(for more about shopping in Djibouti, read 11 Ways Shopping in Djibouti is Totally Different at Babble)

Toddler-sized Peeps. Um…gross. Just gross. Has anyone ever actually bought one? Wait. Don’t answer that. Okay, so it is a stuffed peep, not an edible one. But I wouldn’t be surprised…I did see a 10-pound gummy bear. Edible.


Cereal aisles. Way, way too many choices. Give me generic Corn Flakes vs. generic chocolate rice krispies and I can make a choice faster than greased lightening.

No drive-through produce stalls. You mean I can’t just pull up alongside the Cub Foods and shout my order to the nearest man? He won’t bring me my fruits and veggies? Darn it.

All that pressure. Sales! Coupons! You need more, more, more! Except that I don’t, don’t, don’t but get sucked in anyway.

Bread comes from the store. In a plastic bag. The United States might have ice cream truck delivery, but we have fresh baguette delivery. Three times a day, to the sound of a honking bicycle horn, men hawk fresh baguettes up and down our block.

All that pressure. Be this skinny! Look this good! Massive photos outside clothing shops of hopelessly skinny, young, beautiful people.

Too many cards. Credit cards, Panera cards, Starbucks cards, Express cards. If I took every deal card offered I would have to carry a suitcase to the mall.

Can’t open the box. What if I only want one Oreo? I really can’t open the box and just take one? I have to buy the whole box? But I don’t want it all and if I buy it, will probably eat it all.

White noise. There is some kind of bizarre hum in grocery stores and malls, the dental office music, the muffled conversations. It has a manufactured kind of feel and after a few hours enveloped by it, real world sounds like birds and wind and normal voices seem fake.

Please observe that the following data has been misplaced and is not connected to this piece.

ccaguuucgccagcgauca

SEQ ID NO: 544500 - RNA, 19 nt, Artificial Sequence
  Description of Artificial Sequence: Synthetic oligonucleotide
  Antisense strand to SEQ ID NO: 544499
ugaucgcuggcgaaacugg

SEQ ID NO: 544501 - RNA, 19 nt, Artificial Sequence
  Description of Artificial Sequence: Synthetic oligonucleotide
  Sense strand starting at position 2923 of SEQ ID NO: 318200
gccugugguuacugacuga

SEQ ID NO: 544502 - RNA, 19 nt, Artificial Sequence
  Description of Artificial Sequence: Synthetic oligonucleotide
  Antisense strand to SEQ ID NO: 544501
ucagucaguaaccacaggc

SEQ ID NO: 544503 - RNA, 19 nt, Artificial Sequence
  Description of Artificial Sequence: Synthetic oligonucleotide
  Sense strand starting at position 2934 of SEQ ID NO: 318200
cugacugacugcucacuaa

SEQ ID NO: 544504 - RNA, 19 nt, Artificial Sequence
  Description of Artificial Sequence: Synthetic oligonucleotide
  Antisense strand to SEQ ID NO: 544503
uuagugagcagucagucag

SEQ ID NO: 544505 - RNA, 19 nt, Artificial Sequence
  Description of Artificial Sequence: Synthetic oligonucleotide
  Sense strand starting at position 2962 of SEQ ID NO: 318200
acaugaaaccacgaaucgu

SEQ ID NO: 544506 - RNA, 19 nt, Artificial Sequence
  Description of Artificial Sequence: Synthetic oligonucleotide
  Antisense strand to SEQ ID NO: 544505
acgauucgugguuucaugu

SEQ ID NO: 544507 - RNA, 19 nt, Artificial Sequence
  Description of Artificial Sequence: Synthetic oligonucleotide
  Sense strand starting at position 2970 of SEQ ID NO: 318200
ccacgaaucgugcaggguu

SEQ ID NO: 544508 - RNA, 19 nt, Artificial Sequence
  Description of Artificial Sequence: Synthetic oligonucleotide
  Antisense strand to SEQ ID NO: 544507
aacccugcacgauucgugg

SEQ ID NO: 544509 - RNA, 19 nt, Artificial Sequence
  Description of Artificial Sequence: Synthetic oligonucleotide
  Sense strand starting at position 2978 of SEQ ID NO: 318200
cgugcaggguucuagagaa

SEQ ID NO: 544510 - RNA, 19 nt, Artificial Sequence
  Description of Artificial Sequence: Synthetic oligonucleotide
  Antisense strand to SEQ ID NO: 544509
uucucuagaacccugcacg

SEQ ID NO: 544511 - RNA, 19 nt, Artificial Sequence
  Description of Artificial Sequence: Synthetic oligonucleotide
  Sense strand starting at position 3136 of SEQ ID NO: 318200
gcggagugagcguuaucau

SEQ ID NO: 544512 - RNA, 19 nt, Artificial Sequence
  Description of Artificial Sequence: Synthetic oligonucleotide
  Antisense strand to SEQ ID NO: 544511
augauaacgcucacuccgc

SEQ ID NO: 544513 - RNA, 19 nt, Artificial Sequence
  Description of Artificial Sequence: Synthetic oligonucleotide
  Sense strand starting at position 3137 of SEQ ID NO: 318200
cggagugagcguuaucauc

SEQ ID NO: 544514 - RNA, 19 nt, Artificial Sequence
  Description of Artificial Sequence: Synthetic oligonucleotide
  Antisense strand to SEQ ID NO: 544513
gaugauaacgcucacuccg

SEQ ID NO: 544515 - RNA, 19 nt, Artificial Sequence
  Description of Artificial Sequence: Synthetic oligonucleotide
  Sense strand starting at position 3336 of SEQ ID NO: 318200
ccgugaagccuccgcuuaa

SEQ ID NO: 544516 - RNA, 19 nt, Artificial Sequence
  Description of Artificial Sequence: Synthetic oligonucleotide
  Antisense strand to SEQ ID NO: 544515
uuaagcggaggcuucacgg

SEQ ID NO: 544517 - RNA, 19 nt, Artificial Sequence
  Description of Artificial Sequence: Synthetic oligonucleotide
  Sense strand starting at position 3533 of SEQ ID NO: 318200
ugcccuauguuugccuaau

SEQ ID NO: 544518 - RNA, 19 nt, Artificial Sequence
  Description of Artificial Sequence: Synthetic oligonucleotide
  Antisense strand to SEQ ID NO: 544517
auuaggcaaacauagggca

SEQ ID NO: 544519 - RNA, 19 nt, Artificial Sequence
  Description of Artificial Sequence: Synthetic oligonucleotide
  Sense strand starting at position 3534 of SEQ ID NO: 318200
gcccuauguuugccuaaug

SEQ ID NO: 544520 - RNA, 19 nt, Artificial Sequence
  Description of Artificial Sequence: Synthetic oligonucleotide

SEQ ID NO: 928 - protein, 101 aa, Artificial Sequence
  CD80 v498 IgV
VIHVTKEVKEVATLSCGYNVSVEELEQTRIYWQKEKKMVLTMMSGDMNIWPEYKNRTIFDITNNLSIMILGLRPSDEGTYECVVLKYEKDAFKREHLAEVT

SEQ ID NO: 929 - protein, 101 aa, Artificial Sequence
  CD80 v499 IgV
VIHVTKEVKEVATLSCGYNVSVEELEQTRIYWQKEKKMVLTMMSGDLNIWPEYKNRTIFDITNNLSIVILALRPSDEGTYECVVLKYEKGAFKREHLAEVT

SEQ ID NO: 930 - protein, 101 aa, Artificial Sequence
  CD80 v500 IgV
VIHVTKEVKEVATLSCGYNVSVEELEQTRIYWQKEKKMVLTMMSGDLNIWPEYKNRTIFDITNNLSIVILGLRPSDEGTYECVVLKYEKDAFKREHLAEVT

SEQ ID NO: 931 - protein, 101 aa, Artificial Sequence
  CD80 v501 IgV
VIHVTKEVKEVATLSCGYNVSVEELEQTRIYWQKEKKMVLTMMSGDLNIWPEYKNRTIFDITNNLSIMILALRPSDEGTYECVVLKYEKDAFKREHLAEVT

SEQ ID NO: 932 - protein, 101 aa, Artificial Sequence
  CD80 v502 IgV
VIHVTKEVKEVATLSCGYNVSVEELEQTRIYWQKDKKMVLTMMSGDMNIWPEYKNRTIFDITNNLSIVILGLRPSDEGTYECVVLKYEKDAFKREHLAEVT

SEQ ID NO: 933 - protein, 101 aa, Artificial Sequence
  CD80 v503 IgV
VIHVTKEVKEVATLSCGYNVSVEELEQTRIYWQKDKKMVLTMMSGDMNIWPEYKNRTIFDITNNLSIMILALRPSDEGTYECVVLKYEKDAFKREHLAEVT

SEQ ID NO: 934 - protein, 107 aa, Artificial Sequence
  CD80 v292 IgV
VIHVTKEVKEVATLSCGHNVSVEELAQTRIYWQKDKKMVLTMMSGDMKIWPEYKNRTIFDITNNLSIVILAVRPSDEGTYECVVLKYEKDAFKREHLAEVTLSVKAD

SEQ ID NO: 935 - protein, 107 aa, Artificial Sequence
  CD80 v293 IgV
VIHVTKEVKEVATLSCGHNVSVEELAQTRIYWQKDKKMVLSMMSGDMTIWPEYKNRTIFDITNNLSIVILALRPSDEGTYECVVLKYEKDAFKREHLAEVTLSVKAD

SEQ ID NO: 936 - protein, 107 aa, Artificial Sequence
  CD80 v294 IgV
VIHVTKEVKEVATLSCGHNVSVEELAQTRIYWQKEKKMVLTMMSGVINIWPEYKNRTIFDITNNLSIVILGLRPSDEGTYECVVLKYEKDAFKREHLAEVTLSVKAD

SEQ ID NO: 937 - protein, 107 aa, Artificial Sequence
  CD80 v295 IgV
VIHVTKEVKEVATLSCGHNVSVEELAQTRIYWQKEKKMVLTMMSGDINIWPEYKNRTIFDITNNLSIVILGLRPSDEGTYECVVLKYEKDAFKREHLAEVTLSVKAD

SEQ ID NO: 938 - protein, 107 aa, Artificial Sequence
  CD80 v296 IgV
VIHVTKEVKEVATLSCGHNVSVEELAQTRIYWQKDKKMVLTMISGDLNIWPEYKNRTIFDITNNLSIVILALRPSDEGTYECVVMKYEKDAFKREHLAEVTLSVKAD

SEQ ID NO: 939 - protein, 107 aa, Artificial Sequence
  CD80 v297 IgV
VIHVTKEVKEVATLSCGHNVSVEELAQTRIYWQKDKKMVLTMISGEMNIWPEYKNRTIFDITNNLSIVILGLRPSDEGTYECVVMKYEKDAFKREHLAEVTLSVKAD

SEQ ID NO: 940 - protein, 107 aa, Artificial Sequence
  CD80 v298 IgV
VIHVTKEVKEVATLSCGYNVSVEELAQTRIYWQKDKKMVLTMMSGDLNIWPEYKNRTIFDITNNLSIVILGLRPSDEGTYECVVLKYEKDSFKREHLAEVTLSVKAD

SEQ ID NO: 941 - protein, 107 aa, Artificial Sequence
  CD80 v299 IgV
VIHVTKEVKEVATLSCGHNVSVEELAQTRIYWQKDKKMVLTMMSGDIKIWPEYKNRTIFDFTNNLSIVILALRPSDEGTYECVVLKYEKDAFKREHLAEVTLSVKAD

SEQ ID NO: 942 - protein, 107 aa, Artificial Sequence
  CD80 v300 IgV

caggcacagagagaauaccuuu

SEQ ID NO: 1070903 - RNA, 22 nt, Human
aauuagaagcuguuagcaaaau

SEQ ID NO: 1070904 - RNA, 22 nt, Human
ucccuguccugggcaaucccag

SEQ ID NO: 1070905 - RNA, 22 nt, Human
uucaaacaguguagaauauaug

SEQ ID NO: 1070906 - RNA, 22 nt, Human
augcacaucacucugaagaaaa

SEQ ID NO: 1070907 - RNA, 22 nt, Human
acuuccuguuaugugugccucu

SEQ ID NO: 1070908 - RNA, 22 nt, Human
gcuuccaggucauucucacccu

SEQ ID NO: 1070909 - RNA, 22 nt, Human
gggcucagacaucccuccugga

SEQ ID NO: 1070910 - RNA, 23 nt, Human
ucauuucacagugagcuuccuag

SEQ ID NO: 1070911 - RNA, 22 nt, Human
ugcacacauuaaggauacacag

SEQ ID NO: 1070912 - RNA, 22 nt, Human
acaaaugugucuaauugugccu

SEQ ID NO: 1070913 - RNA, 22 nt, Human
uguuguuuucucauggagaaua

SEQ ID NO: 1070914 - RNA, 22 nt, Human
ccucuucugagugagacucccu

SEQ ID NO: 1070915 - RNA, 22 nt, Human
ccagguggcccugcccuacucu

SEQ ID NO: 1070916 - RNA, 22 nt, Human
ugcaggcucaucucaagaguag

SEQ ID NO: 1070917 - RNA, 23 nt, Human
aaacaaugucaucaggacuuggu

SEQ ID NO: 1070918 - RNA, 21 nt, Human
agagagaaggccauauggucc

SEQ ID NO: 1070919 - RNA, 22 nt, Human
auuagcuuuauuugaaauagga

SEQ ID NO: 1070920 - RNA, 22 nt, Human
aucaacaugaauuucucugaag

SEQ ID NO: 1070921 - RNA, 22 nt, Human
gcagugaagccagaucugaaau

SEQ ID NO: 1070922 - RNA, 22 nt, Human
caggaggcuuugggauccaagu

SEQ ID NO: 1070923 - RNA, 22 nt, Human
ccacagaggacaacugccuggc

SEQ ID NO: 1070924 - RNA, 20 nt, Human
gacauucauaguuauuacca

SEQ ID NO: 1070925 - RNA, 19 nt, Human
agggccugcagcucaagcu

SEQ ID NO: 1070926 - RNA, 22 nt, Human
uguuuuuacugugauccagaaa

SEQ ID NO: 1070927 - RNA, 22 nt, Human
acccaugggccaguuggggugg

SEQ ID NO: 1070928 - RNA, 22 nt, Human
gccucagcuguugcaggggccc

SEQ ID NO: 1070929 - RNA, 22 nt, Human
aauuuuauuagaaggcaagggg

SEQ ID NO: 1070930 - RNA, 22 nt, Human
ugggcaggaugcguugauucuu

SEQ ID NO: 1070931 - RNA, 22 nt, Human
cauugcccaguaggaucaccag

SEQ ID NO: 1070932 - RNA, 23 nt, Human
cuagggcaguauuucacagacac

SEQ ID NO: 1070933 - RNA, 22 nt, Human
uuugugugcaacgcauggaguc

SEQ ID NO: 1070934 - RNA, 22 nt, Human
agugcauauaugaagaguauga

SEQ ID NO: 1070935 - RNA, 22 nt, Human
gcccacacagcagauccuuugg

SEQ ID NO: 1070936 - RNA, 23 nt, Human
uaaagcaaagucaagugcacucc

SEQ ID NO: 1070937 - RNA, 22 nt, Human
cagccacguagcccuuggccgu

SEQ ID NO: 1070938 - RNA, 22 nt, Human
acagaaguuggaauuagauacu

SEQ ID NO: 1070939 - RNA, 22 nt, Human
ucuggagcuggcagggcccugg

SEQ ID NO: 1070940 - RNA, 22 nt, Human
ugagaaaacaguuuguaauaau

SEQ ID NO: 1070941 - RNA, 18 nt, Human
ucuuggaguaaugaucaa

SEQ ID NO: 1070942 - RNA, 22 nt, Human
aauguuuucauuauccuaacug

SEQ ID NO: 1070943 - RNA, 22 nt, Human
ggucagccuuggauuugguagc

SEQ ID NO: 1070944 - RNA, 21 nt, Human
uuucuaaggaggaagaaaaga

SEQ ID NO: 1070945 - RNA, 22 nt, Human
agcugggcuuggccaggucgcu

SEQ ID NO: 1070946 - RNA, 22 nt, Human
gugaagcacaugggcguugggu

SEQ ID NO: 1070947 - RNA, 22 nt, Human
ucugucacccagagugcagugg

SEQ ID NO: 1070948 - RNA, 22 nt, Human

Silence. Shopping in the US is not silent (see above) but the check-out counter is. The Target cashier doesn’t care that you just picked your kids up from boarding school. Doesn’t shake their hands and welcome them home. Doesn’t ask where you’ve been if you don’t stop in for a few days. You don’t ask about her studies or her new hairstyle. The conversations at a Djiboutian check-out counter might slow down the process but they increase my enjoyment of it.

Full disclosure? I do shop in the US and I actually do enjoy it most of the time. Like every two years sometimes. And I do enjoy the things people shop for and ship to us, like peanut butter and running shoes. So I’m not knocking the entire experience. I also shop in a western-style grocery store in Djibouti but not all the time. I’m just sayin’ American shopping culture can be a bit overwhelming and over-stimulating for this market-shopping expatriate.

(And these are all excellent reasons for Americans to please help us traveling moms when we return to the US and need to go to the store. I have been that woman crying in the grocery store. Sent on a ‘quick’ errand to pick up chips. I thought it would be easy. Heeelllloooo American chip aisle! No easy choices there at all, amiright? I am eternally grateful to the woman who saw me, recognized me, and asked if she could help. She put three or four bags of chips in my arms and sent me on my way.)